How to Practice Love, According to Monk Jay Shetty

The bestselling author of 'Think Like a Monk' reflects on relationship goals.
Jay Shetty, The 8 Rules of Love
Photo by Josh Telles | Design by Tiana Crispino
Esther Lee - Deputy Editor, The Knot
Esther Lee
Esther Lee - Deputy Editor, The Knot
Esther Lee
Deputy Editor
  • Esther is the Deputy Editor of The Knot. She currently leads all content on The Knot Wellness, focusing on financial, relationship, and mental wellbeing.
  • She oversees The Knot's travel vertical (honeymoons, destination weddings, bach parties), as well as overarching features and trends.
  • She proudly serves on the Advisory Council of VOW For Girls, focusing on ending the injustice of child marriage around the world.
Updated Apr 24, 2023

In a society where grand gestures are applauded and sometimes expected–as evidenced across pop culture and fairy tales–bestselling author of Think Like a Monk and the 8 Rules of Love, Jay Shetty, argues the opposite: by practicing and nurturing love consistently, we experience it profoundly. "We often focus on all of the love we don't feel we're getting, rather than the love we could be giving," Shetty tells The Knot. "The beautiful thing about love is: whether you're receiving it or giving it, you're still experiencing it." Read his love notes and reflections, including practical tips for helping couples find their purpose.

In this article:

Jay Shetty's Love Notes & Reflections

In Think Like a Monk, Shetty devotes a chapter to romantic relationships, humbly reflecting on his own storybook notions of love when he was dating his now-wife, Radhi Devlukia-Shetty. Love has been a perennial topic of interest on Shetty's podcast, On Purpose, so highly requested, in fact, that it influenced the direction of his second book, The 8 Rules of Love.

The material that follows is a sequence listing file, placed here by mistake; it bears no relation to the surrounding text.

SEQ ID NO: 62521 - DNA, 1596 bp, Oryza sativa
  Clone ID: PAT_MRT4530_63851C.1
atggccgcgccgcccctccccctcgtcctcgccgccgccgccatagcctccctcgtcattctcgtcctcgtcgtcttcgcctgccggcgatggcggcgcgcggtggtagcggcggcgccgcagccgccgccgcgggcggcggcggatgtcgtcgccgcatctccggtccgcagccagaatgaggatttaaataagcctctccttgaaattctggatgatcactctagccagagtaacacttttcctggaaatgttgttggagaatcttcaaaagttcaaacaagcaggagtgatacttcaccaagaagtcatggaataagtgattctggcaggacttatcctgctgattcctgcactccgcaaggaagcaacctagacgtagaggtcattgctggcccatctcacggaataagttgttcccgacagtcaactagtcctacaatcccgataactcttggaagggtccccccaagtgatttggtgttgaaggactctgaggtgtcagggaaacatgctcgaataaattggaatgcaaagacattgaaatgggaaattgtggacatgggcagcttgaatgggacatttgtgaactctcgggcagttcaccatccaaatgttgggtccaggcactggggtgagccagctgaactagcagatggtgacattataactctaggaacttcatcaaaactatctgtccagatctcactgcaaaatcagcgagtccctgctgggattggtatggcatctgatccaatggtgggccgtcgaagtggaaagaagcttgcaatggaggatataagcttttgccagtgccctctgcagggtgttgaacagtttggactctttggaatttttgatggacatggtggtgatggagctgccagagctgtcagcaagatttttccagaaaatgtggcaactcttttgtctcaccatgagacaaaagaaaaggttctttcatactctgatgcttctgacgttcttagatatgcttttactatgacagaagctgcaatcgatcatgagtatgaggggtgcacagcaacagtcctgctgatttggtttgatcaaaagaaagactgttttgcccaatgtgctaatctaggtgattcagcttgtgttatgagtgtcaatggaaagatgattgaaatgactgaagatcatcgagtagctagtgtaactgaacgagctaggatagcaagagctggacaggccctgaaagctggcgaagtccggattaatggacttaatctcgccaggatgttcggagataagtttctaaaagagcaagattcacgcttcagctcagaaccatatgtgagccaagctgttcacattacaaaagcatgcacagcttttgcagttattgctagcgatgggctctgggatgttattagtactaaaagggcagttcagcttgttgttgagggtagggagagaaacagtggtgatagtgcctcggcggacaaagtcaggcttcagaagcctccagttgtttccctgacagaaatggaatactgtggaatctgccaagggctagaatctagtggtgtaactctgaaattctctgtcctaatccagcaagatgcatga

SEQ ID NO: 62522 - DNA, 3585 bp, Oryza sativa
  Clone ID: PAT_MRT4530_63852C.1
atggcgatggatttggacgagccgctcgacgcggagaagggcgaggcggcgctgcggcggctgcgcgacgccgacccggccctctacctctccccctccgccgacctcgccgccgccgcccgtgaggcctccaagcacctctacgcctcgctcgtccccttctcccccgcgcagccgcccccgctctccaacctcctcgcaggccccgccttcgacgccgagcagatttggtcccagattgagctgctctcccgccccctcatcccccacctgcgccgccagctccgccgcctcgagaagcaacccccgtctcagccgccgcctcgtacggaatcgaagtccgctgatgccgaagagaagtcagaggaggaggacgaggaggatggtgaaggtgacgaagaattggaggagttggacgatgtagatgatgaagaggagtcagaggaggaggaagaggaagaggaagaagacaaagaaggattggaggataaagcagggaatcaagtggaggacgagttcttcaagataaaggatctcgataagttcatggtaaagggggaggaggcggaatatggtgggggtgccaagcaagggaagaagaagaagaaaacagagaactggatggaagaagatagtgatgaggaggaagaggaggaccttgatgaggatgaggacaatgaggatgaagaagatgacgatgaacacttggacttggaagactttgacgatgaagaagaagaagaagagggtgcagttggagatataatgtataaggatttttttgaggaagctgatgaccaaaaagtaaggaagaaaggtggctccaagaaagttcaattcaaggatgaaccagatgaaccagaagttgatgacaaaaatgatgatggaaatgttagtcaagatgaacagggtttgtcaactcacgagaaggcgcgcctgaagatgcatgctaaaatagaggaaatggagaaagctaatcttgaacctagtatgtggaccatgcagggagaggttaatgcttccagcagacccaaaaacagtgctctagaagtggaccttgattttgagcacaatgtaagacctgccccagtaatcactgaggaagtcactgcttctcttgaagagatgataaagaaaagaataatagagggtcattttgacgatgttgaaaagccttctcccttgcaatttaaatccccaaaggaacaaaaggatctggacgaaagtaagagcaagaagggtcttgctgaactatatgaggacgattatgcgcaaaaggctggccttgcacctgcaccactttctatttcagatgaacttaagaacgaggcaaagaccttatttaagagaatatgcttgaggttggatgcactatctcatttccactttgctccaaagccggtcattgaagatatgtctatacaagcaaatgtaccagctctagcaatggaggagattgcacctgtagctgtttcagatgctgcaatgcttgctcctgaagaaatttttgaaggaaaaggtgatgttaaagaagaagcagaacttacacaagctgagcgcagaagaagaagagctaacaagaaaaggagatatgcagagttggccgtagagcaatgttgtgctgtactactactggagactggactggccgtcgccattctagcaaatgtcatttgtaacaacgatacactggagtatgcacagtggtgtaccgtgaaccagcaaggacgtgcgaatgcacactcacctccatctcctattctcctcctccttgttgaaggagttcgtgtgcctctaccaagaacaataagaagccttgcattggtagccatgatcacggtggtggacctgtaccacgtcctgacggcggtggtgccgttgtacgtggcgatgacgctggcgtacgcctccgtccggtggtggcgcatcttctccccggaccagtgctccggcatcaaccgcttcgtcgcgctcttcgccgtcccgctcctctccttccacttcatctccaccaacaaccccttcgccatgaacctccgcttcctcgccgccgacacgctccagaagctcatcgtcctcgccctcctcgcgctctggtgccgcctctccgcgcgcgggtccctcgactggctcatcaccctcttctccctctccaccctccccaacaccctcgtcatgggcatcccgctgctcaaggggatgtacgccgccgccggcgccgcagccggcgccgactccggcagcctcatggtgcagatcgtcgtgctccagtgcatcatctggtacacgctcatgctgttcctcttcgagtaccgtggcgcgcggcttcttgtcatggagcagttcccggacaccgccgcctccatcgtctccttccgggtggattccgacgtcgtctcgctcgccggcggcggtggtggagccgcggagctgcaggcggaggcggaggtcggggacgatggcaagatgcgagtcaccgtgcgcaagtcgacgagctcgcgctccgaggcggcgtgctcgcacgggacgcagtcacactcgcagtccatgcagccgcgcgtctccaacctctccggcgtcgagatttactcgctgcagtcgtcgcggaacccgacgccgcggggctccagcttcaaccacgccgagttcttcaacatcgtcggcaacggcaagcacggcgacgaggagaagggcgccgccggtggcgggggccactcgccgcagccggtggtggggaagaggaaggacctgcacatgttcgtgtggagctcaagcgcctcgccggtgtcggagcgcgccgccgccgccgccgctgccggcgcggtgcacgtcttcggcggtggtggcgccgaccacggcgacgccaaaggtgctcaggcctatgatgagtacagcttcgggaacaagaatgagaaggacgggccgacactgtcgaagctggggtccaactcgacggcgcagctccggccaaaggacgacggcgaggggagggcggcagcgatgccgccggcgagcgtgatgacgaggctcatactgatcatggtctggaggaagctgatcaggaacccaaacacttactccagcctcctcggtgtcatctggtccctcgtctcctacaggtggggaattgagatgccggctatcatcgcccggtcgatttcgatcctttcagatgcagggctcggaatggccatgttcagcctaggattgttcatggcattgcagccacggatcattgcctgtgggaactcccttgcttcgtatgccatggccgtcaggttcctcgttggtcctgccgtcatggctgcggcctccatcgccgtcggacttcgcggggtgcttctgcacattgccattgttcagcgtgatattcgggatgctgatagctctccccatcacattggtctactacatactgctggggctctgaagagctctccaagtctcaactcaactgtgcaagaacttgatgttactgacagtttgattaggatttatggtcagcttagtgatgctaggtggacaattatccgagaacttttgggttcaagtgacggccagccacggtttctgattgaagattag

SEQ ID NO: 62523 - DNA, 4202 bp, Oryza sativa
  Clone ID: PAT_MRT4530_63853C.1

"Nobody sits us down and teaches us how to love," he writes in the introduction of his new book. "…Love is not about staging the perfect proposal or creating a perfect relationship. It's about learning to navigate the imperfections that are intrinsic to ourselves, our partners, and life itself." Here are some tips from Shetty for ways to grow in love.

Embrace Action Yourself

Rather than the wait-and-see approach, expressing love first is one way to grow in the practice. "If you want to feel more connection, you don't have to wait for someone to give it to you," Shetty tells The Knot. "You can choose to connect."

Lean Into Service, First

In Think Like a Monk, Shetty argues the road to happiness is found through serving others and serving a greater purpose. The same applies to love. "One of the easiest ways to [connect], and to show love for others, is through service," he says. "We can serve our partner, our families, our friends, our communities. We can serve animals and the environment. The options are endless. So, instead of expecting love, we can find ways of expressing love."

Focus On Each Other (Especially When Wedding Planning)

The shuffle of RSVPs, budgeting and navigating the complicated world of seating arrangements amid acrimonious relationships can be challenging, but it's far from the end goal. Wedding planning is a time to build your relationship with your partner. "I encourage couples to remember what's most important," Shetty says. "With all the pressure to have a perfect wedding, it's really easy to get caught up in details and lose sight of why you're getting married in the first place. Yes, you want your day to be special, but as much as possible you also want to enjoy the process of planning it, so as you're doing that, try to set aside some opportunities to just enjoy each other. And, you want to make sure you're not just planning a memorable wedding, but a successful marriage. So, throughout your engagement, carve out time when you're not talking about menus or venues, but instead you're discussing your vision for your relationship."